The decision whether or not to conduct video, digital video, or audio recording for professional development purposes shall be documented in writing and approved by the building principal. All such recordings shall be deemed the copy written property of SAU 70 and shall not be reproduced without the Superintendent’s permission. Recordings made for professional developmental purposes shall, to the extent possible, be made in a manner that focuses upon the educator participating in the professional development activity and which minimizes any student privacy concerns. The recirculation of the recording shall be limited in scope to those individuals participating in the professional developmental process, and shall only occur with the prior permission of the building principal. To the extent students are included in the recording, steps shall be taken such as video editing and proper camera angles to preserve student privacy. When a recording is no longer necessary for professional development purposes, it shall be erased.

Student recordings as an accommodation in their Individualized Education Plan or Section 504 Plan shall not be deemed a school recording unless the recording is conducted by the school on behalf of the student. All recordings made as an accommodation, or for instructional recovery or academic study shall be erased at the end of the semester or when they are no longer needed, whichever is the latter event. If the classroom teacher wishes to preserve a recording for future instructional purposes, they shall seek permission from the building principal to preserve the recording.

No school recording whether for educational or professional development purposes shall take place in a classroom without first securing the written consent of each adult student, or minor student’s parent or guardian. An adult student or minor child of a parent who refuses consent for a class where recording is the curriculum, such as a television or broadcast journalism course, shall not be permitted to enroll in the course. This policy shall be reproduced in the next student handbook, and the parent or adult student’s written receipt of the handbook shall be deemed acceptance of the district’s use of video and audio classroom recording for instructional purposes unless the adult student or parent opts out of granting permission. Until such policy is reproduced in the handbook, this policy and a permission form shall form shall be disseminated by the classroom educator when recording in their classroom is contemplated. The classroom educator shall be responsible for garnering the adult student or parent’s written consent and placing the same on file with the building principal before recording may take place in the classroom. SAU 70 reserves the right to reassign students to classes in accord with their recording preferences.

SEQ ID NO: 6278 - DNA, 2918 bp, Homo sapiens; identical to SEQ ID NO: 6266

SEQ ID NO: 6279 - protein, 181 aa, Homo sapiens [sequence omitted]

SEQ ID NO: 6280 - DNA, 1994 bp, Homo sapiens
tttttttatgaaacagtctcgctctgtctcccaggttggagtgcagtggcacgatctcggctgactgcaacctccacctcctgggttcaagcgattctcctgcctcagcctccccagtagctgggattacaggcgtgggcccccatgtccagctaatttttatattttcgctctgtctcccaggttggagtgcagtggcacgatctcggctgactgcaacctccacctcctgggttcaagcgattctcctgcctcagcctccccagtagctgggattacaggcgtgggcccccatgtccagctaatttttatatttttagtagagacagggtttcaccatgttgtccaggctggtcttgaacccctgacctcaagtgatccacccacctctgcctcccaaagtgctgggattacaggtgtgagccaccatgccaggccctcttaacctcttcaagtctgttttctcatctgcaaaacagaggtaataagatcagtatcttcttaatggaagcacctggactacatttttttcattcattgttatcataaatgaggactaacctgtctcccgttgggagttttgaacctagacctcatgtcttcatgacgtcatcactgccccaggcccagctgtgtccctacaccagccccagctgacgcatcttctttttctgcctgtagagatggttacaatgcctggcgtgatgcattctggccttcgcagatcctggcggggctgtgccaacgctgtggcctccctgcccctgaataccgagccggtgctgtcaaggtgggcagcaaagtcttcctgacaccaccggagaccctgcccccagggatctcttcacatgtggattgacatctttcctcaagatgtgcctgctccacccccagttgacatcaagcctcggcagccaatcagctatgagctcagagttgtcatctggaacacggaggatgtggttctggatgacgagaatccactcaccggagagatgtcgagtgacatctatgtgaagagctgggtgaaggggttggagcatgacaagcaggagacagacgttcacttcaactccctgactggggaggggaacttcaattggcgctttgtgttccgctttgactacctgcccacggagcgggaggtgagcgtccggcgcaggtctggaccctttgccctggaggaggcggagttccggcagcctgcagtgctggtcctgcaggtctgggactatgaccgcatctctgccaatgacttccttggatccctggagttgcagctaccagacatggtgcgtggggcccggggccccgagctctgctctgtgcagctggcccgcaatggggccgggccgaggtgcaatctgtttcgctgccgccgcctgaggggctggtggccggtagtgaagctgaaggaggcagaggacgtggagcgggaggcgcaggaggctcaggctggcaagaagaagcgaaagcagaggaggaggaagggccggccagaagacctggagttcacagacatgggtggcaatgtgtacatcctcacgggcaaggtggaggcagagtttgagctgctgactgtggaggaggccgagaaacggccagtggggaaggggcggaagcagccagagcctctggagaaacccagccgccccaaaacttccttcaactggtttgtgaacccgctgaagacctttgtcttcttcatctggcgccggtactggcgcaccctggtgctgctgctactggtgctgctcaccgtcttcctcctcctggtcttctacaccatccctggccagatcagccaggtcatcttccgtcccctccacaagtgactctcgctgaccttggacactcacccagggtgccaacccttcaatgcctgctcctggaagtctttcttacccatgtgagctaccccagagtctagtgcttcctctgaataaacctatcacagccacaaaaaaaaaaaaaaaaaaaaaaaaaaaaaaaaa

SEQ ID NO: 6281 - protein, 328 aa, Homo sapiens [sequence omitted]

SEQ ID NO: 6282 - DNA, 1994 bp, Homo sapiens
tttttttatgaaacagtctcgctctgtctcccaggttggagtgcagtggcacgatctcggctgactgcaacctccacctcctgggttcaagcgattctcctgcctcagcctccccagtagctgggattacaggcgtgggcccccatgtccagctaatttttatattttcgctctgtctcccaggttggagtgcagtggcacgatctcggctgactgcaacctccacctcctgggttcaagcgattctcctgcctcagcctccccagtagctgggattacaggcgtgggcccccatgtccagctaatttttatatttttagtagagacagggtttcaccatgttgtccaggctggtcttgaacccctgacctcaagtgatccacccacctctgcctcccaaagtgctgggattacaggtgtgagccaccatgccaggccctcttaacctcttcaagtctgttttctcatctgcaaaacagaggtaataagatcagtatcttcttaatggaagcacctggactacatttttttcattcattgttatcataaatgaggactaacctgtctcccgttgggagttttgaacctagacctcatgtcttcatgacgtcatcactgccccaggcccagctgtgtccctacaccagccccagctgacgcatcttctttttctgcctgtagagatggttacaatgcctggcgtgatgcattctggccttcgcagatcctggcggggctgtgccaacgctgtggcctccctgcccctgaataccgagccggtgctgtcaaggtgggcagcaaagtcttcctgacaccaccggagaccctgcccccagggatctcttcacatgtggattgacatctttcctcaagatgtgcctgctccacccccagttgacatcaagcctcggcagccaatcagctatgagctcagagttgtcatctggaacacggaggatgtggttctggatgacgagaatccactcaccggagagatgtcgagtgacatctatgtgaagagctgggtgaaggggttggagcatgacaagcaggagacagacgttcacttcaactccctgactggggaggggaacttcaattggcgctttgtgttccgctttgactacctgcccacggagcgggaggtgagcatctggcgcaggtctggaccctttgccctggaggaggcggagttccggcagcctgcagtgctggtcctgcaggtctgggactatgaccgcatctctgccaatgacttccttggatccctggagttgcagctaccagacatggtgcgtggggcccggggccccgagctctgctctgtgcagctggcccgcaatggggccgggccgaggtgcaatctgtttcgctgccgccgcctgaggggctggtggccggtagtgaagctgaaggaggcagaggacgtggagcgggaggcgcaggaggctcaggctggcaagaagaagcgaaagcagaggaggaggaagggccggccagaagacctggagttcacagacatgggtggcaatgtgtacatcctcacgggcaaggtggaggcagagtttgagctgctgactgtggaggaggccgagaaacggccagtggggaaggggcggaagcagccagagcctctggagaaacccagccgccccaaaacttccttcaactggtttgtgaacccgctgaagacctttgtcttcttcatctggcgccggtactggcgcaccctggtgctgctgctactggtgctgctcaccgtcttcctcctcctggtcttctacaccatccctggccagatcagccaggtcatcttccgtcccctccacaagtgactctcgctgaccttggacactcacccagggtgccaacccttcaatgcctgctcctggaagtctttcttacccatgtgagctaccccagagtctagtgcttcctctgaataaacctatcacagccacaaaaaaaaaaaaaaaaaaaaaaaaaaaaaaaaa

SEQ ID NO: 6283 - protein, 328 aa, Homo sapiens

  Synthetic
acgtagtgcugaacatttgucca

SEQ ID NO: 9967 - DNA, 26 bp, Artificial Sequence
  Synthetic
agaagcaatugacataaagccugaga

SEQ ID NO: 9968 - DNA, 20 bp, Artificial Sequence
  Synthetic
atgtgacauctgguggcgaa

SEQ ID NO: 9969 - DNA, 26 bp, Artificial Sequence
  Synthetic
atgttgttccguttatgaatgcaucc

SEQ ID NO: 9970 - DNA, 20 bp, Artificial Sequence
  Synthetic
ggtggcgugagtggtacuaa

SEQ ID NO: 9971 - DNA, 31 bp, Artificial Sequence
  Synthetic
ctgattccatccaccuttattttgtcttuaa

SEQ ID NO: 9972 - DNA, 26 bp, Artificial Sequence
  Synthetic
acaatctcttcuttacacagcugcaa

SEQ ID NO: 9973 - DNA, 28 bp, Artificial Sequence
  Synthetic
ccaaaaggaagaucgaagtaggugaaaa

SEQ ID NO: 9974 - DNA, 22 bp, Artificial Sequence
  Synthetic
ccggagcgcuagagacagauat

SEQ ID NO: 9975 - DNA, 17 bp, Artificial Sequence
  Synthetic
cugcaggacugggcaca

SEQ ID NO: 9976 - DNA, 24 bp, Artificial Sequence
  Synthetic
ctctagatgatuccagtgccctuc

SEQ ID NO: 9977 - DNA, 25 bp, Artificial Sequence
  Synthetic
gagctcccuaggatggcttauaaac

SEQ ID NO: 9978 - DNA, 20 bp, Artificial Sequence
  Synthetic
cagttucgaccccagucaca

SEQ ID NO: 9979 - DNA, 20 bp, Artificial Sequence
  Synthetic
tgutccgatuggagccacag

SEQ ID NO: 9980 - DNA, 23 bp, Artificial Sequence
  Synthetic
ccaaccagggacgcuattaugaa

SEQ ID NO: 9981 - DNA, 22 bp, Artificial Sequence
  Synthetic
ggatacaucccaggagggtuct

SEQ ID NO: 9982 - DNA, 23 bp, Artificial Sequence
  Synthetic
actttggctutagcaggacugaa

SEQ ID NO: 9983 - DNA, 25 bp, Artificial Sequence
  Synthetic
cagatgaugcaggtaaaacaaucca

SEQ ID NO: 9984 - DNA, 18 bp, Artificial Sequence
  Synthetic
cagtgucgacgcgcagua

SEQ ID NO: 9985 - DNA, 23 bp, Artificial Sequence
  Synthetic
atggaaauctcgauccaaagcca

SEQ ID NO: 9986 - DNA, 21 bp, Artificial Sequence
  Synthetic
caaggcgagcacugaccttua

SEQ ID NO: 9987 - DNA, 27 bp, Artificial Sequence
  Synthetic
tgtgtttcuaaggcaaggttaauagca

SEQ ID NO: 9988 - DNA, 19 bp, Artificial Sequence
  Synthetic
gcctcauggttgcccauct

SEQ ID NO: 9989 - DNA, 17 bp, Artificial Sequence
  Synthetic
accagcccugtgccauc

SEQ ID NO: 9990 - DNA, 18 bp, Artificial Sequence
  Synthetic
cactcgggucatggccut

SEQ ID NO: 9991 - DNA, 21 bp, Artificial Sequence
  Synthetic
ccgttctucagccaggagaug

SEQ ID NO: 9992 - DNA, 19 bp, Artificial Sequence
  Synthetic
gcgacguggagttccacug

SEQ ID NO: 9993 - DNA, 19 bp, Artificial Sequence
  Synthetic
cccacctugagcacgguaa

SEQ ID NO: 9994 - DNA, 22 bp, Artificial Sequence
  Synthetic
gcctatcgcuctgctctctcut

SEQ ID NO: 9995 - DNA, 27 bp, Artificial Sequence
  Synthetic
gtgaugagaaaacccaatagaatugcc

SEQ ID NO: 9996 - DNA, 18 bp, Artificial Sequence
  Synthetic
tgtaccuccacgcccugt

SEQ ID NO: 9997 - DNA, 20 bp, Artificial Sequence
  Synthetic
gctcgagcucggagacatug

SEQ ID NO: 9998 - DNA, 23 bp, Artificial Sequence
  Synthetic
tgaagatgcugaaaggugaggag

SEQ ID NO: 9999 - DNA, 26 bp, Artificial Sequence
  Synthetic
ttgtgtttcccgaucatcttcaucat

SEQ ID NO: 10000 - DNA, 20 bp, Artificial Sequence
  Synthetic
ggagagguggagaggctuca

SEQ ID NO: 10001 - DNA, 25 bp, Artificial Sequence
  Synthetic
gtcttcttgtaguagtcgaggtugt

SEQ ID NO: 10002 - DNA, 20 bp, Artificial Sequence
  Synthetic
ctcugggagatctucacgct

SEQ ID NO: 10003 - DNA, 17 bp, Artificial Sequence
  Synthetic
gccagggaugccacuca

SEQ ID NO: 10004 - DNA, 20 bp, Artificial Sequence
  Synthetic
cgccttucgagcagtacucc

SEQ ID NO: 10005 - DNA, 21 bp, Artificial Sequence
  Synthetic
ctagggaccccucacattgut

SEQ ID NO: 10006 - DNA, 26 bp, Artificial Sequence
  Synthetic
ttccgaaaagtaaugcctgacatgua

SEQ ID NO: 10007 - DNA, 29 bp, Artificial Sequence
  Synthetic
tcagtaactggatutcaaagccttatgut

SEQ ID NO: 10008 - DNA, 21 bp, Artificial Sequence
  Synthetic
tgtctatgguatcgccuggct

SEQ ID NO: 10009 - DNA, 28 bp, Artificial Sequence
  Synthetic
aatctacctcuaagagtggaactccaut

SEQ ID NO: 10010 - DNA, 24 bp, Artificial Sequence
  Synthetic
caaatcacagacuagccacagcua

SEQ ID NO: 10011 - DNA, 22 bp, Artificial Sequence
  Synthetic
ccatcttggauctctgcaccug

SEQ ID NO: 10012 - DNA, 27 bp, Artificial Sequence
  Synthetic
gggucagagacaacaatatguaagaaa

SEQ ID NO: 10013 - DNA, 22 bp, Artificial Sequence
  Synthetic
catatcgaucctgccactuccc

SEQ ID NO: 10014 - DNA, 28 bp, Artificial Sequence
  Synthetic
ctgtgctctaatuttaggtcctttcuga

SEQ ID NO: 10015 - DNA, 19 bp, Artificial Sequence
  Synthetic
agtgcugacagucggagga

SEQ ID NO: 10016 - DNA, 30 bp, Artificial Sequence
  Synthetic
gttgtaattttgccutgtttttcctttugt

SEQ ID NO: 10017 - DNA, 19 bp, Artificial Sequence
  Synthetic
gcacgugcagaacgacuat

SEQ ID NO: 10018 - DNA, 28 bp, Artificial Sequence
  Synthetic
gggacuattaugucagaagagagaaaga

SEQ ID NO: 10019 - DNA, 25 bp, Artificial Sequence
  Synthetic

This policy has been adopted after a public hearing conducted by the School Board.

Legal References

RSA 189:68 (IV)
20 U.S.C. & 1232g, Family Education Rights and Privacy Act (FERPA)
34 CFR Part 99, Family Education Rights and Privacy Act (FERPA)
SAU 70 School Board
Approved: 08 March 2016


Public Media Permission Release to be found on InfoSnap

We would like your permission to use digital work, photographs and videos of your child to post internally in classrooms, class newsletters, hallways, school-wide assemblies, for teacher education, and as a historical record.

Yes, I give permission for the internal use of digital work, photographs, and videos of my child.

No, I do NOT give permission for the internal use of digital work, photographs and videos of my child.

The Ray School/SAU 70 would like your permission to use digital work, photographs, and videos of your child in public communication. We promote our school and district using the website, school newsletters, school district reports, television programs including Community Access TV, and other materials. When these media are used, children are not identified by name.

Yes, I give permission for the external use of digital work, photographs, and videos of my child.

No, I do NOT give permission for the external use of digital work, photographs, and videos of my child.



Appendix E: Playground/Recess Rules

Revised 8/19/2019


Ray School’s Recess Purpose Statement

At Ray School, we believe recess should:

  • Be fun, playful and joyful
  • Include everyone
  • Increase problem solving skills
  • Build self confidence and self esteem